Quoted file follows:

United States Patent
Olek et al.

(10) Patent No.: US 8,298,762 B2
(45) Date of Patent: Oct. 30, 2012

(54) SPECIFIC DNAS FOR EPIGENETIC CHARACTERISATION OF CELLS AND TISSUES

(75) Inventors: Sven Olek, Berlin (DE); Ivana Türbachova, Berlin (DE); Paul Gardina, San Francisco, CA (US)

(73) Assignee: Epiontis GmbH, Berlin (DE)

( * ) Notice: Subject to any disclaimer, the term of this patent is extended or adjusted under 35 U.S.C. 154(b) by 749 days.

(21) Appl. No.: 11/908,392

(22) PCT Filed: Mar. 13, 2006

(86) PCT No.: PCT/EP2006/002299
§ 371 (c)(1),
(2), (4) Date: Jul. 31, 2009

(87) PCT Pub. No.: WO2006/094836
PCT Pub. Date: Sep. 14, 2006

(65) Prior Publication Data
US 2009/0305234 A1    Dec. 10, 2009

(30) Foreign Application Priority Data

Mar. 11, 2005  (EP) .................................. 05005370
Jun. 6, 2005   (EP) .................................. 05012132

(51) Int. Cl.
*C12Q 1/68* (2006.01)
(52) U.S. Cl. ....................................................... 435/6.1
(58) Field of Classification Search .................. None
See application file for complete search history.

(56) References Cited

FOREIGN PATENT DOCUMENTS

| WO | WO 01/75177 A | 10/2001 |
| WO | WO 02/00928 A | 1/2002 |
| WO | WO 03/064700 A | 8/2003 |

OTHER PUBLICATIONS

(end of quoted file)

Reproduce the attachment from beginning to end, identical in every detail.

United States Patent
Olek et al.

(10) Patent No.: US 8,298,762 B2
(45) Date of Patent: Oct. 30, 2012

(54) SPECIFIC DNAS FOR EPIGENETIC CHARACTERISATION OF CELLS AND TISSUES

(75) Inventors: Sven Olek, Berlin (DE); Ivana Türbachova, Berlin (DE); Paul Gardina, San Francisco, CA (US)

(73) Assignee: Epiontis GmbH, Berlin (DE)

( * ) Notice: Subject to any disclaimer, the term of this patent is extended or adjusted under 35 U.S.C. 154(b) by 749 days.

(21) Appl. No.: 11/908,392

(22) PCT Filed: Mar. 13, 2006

(86) PCT No.: PCT/EP2006/002299
§ 371 (c)(1),
(2), (4) Date: Jul. 31, 2009

(87) PCT Pub. No.: WO2006/094836
PCT Pub. Date: Sep. 14, 2006

(65) Prior Publication Data
US 2009/0305234 A1    Dec. 10, 2009

(30) Foreign Application Priority Data

Mar. 11, 2005  (EP) .................................. 05005370
Jun. 6, 2005   (EP) .................................. 05012132

(51) Int. Cl.
*C12Q 1/68* (2006.01)
(52) U.S. Cl. ....................................................... 435/6.1
(58) Field of Classification Search .................. None
See application file for complete search history.

(56) References Cited

FOREIGN PATENT DOCUMENTS

| WO | WO 01/75177 A | 10/2001 |
| WO | WO 02/00928 A | 1/2002 |
| WO | WO 03/064700 A | 8/2003 |

OTHER PUBLICATIONS